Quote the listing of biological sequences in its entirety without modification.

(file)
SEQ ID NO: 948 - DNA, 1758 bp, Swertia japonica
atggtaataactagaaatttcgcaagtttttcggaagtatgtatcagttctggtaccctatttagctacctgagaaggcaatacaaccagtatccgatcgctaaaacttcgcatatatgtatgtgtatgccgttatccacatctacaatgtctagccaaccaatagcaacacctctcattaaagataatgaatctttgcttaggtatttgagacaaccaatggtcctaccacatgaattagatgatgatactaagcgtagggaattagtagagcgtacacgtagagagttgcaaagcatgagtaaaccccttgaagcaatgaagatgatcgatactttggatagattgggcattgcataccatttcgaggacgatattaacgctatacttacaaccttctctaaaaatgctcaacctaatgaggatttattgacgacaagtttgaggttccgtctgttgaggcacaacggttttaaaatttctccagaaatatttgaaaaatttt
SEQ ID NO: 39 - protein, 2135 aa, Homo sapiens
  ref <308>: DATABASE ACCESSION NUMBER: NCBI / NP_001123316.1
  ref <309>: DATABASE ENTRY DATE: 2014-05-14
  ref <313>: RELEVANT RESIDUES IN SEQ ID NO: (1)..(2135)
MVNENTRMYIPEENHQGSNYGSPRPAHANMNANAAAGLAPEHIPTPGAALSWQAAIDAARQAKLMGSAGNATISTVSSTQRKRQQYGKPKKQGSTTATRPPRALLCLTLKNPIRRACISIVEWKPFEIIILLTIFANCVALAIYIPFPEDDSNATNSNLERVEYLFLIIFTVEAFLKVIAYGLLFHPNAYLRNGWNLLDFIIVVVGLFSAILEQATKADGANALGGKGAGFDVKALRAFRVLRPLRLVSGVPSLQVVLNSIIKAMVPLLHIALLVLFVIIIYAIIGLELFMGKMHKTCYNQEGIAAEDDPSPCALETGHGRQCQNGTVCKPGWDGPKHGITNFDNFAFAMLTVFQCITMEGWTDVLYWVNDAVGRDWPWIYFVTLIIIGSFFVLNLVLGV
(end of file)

SEQ ID NO: 948 - DNA, 1758 bp, Swertia japonica
atggtaataactagaaatttcgcaagtttttcggaagtatgtatcagttctggtaccctatttagctacctgagaaggcaatacaaccagtatccgatcgctaaaacttcgcatatatgtatgtgtatgccgttatccacatctacaatgtctagccaaccaatagcaacacctctcattaaagataatgaatctttgcttaggtatttgagacaaccaatggtcctaccacatgaattagatgatgatactaagcgtagggaattagtagagcgtacacgtagagagttgcaaagcatgagtaaaccccttgaagcaatgaagatgatcgatactttggatagattgggcattgcataccatttcgaggacgatattaacgctatacttacaaccttctctaaaaatgctcaacctaatgaggatttattgacgacaagtttgaggttccgtctgttgaggcacaacggttttaaaatttctccagaaatatttgaaaaatttt
SEQ ID NO: 39 - protein, 2135 aa, Homo sapiens
  ref <308>: DATABASE ACCESSION NUMBER: NCBI / NP_001123316.1
  ref <309>: DATABASE ENTRY DATE: 2014-05-14
  ref <313>: RELEVANT RESIDUES IN SEQ ID NO: (1)..(2135)
MVNENTRMYIPEENHQGSNYGSPRPAHANMNANAAAGLAPEHIPTPGAALSWQAAIDAARQAKLMGSAGNATISTVSSTQRKRQQYGKPKKQGSTTATRPPRALLCLTLKNPIRRACISIVEWKPFEIIILLTIFANCVALAIYIPFPEDDSNATNSNLERVEYLFLIIFTVEAFLKVIAYGLLFHPNAYLRNGWNLLDFIIVVVGLFSAILEQATKADGANALGGKGAGFDVKALRAFRVLRPLRLVSGVPSLQVVLNSIIKAMVPLLHIALLVLFVIIIYAIIGLELFMGKMHKTCYNQEGIAAEDDPSPCALETGHGRQCQNGTVCKPGWDGPKHGITNFDNFAFAMLTVFQCITMEGWTDVLYWVNDAVGRDWPWIYFVTLIIIGSFFVLNLVLGV